ben-e 06-05-2010 03:30 PM

Jim, Thanks for all the info, It really helps a lot.

ben-e 06-08-2010 04:58 PM

I need a solution
 
I am doing my layout for a bathroom that has 3x6 dal subway tiles all the way around the room about 4' high, and a 4x6 cove base that flushes out with the floor tile. The floor tile is dal octagon, and dot. The octagons are 2", and the dot is 1". It comes in a 12x12 mat. The subfloor is plywood, and strength of the subfloor is not a concern. The problem I am facing is the subfloor is fairly out of level. I was planning on just fixing it by priming it, and pouring self leveler 1/2" over the high point of the floor, Which happens to be in the back of the room, opposite the door. The problem being if I do that, I will end up with the tile floor finishing at 1 3/8" off the subfloor at the door. That is too high for the carpet to meet up to it. Even if I was to put a anti-fracture membrane on the plywood, and lay the tile flat from the high point, directly over the membrane, I would end up with about an inch at the door. That is as high as I can be. The floor is a little over 1/2 inch from the high point, to the low. The only solution I could think of is using a self leveling product, and pouring it to a feather edge so it dies into the high point of the plywood floor. Is there any products that this can be done with? If not, would it be acceptable to use a liquid anti-fracture membrane over it like ultra-set, to make up for the fact that it is not 1/2 inch thick, and has no lath in it? I can't use ditra because the floor tiles are less than 2". I thought about using kerdi on the floor, over the self leveler to hold it together? I have limited experience with cove tiles that flush out with the tile floor, but I don't see how you could make it look right unless they were set dead level. I had the thought of cheating them up, or down as needed, then cutting the top of the cove tile to make up the difference on the tiles that were too high. Seems like a nightmare, and I think you would see it. Anyone know of any self leveler that can be used in this application? Or any ideas would be greatly appreciated. Thanks.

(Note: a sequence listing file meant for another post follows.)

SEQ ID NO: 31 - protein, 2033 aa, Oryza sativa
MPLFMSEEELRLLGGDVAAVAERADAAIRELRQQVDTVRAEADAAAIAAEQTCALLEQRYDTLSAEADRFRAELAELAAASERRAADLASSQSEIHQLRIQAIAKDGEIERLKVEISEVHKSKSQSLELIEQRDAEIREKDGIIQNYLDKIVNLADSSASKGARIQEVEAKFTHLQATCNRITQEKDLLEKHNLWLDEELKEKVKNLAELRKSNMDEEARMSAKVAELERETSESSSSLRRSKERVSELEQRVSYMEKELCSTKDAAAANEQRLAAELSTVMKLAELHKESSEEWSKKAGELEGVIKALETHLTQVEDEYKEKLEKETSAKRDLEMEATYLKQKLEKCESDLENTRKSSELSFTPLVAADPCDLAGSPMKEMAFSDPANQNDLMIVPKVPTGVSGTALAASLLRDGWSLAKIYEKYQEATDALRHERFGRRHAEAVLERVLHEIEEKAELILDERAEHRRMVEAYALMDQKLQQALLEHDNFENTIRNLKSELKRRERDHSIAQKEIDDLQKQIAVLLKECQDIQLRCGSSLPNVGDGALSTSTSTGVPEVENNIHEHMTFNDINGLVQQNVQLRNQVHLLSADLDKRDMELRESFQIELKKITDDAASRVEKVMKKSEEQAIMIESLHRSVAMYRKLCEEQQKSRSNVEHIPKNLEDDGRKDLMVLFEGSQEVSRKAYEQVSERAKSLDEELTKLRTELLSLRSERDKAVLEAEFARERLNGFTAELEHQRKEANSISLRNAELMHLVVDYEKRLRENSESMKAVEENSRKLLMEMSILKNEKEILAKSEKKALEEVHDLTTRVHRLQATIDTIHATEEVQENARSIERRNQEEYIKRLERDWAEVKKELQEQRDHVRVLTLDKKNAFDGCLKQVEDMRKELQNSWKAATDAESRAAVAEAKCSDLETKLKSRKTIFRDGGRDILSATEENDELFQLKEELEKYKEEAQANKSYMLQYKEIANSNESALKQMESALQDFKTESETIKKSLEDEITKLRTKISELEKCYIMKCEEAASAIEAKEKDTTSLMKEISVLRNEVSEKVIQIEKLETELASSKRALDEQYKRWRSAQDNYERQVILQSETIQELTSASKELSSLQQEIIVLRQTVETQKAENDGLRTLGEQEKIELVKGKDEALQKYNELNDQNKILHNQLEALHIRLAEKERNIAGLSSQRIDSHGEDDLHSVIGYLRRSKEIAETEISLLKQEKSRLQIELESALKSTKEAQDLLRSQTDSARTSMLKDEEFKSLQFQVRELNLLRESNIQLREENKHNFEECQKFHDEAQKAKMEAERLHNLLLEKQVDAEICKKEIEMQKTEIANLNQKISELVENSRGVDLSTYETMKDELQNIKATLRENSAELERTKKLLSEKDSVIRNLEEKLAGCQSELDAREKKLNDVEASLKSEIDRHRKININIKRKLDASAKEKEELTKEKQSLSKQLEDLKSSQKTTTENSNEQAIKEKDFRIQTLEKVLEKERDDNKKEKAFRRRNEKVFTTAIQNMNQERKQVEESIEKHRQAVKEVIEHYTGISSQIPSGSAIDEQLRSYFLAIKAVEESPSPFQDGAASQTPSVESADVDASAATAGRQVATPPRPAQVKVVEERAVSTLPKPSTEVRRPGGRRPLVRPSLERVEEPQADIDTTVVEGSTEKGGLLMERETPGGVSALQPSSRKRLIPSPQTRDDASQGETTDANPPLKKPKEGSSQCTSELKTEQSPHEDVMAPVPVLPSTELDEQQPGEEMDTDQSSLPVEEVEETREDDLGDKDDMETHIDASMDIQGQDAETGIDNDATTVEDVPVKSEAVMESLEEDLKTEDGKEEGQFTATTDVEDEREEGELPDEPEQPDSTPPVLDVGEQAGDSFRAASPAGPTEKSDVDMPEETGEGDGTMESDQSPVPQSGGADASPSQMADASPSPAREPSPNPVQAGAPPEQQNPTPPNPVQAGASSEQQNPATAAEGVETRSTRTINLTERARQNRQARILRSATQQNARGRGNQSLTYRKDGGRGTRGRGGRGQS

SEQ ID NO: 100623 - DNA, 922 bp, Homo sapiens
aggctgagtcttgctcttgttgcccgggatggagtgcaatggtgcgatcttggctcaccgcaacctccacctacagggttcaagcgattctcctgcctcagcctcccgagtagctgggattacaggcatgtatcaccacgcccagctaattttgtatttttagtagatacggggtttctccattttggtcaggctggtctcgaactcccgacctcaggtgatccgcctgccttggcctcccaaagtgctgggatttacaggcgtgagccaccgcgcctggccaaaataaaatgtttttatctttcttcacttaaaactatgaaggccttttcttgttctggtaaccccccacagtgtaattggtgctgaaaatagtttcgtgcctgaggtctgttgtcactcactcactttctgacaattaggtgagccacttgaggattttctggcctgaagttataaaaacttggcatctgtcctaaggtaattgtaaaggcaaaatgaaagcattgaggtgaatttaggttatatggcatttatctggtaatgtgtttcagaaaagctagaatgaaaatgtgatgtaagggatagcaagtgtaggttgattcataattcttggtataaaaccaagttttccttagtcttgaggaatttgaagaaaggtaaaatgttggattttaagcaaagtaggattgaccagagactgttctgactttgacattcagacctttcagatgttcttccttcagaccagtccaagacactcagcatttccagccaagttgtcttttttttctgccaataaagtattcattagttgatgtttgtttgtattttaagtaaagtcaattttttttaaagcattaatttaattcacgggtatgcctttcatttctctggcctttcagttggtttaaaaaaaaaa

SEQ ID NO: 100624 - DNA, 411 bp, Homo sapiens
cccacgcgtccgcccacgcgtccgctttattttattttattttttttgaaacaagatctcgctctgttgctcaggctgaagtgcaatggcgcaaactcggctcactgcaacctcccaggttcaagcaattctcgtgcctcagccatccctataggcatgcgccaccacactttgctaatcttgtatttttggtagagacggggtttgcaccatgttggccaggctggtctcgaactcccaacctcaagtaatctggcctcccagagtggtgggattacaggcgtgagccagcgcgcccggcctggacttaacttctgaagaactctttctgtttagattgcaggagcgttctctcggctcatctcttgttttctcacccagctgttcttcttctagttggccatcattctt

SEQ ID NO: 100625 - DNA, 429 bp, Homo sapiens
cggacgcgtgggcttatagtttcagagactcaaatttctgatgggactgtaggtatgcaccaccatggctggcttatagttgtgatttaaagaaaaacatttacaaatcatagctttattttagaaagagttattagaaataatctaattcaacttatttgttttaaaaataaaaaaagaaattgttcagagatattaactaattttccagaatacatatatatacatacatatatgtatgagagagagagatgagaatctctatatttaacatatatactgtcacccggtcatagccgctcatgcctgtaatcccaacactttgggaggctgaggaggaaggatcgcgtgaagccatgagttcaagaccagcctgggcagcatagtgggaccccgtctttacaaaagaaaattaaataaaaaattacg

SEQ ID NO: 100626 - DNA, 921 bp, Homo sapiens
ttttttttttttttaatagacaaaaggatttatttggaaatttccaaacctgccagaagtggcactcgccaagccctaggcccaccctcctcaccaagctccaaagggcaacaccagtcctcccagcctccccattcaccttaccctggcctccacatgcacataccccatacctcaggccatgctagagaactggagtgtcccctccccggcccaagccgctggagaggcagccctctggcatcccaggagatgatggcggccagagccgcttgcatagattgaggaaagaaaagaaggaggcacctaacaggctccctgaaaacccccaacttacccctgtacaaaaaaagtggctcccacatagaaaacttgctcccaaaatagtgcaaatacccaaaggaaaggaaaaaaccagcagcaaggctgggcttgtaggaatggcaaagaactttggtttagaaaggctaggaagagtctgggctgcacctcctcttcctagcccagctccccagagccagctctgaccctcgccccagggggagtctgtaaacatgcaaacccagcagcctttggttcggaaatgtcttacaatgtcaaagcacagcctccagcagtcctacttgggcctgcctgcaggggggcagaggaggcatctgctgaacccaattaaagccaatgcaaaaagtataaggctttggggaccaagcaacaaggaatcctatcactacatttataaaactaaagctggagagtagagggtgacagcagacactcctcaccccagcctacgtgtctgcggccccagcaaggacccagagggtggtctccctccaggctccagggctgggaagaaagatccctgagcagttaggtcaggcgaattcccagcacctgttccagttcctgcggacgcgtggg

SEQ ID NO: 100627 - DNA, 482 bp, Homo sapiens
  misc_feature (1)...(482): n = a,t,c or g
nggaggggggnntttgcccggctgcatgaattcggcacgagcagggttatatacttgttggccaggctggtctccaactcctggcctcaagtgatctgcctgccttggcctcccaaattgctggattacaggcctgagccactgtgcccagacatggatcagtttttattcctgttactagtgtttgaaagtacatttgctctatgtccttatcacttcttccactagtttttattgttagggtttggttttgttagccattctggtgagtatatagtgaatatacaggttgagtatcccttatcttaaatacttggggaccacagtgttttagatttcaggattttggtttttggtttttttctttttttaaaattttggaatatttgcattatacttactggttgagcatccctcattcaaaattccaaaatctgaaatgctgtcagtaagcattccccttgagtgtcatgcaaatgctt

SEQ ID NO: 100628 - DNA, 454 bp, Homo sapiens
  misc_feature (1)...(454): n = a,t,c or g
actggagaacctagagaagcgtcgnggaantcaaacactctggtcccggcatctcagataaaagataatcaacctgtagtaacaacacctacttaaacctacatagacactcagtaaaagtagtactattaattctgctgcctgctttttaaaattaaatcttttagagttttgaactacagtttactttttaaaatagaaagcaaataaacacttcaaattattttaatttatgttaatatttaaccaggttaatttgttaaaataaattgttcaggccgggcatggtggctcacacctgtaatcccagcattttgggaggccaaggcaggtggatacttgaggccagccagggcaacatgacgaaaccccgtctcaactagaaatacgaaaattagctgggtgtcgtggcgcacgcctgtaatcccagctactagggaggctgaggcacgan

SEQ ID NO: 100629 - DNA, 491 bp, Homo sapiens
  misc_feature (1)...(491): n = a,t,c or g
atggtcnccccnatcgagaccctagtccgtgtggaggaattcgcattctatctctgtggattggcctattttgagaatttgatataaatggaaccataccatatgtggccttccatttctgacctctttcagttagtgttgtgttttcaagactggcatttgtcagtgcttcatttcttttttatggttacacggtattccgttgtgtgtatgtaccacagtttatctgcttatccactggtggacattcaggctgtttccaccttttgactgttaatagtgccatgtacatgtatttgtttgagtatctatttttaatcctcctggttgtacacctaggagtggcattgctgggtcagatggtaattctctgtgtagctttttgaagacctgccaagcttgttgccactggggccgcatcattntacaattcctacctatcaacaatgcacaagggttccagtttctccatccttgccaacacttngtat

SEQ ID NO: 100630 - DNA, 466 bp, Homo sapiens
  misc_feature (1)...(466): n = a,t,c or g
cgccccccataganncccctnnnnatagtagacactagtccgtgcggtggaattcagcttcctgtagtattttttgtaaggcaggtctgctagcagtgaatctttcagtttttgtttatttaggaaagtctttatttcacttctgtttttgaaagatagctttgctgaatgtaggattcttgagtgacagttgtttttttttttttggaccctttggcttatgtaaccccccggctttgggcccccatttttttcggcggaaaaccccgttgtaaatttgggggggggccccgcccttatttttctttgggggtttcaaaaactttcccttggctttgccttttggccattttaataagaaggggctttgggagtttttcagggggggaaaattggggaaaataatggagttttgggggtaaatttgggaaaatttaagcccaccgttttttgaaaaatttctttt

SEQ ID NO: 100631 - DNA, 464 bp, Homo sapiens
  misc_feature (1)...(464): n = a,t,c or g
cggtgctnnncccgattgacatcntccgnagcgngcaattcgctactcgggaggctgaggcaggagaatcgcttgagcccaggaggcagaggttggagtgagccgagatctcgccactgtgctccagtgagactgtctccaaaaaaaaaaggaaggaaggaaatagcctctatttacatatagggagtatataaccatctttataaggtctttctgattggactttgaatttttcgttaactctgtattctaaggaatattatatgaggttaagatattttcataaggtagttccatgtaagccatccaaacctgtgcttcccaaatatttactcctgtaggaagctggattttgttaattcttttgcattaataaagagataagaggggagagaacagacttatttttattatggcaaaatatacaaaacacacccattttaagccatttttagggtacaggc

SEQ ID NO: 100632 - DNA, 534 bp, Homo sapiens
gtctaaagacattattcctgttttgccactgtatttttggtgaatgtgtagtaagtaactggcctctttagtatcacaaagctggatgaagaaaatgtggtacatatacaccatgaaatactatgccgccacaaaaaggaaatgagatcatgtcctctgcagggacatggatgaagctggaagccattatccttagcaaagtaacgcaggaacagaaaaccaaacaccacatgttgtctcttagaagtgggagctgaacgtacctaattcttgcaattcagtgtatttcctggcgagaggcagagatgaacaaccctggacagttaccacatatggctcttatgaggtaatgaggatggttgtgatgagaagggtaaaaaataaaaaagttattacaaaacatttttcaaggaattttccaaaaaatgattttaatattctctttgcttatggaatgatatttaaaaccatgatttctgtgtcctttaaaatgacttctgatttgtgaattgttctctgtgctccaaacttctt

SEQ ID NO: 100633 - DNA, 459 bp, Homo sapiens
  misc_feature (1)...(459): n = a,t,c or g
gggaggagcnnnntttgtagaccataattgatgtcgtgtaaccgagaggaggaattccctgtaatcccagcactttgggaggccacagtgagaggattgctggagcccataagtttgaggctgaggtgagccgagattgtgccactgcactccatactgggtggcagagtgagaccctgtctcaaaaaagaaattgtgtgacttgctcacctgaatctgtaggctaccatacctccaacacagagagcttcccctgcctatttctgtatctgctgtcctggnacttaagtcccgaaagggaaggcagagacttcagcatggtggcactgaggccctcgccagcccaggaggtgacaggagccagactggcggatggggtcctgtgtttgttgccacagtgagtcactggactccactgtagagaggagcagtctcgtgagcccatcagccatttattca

ben-e 06-08-2010 05:31 PM

Just found a product while searching the web called "Ardex Liquid Backerboard". Sounds like just what I need if it is a good product. Anyone ever used it?

ceramictec 06-08-2010 06:28 PM

Ben,

people could help you if they could follow what your doing.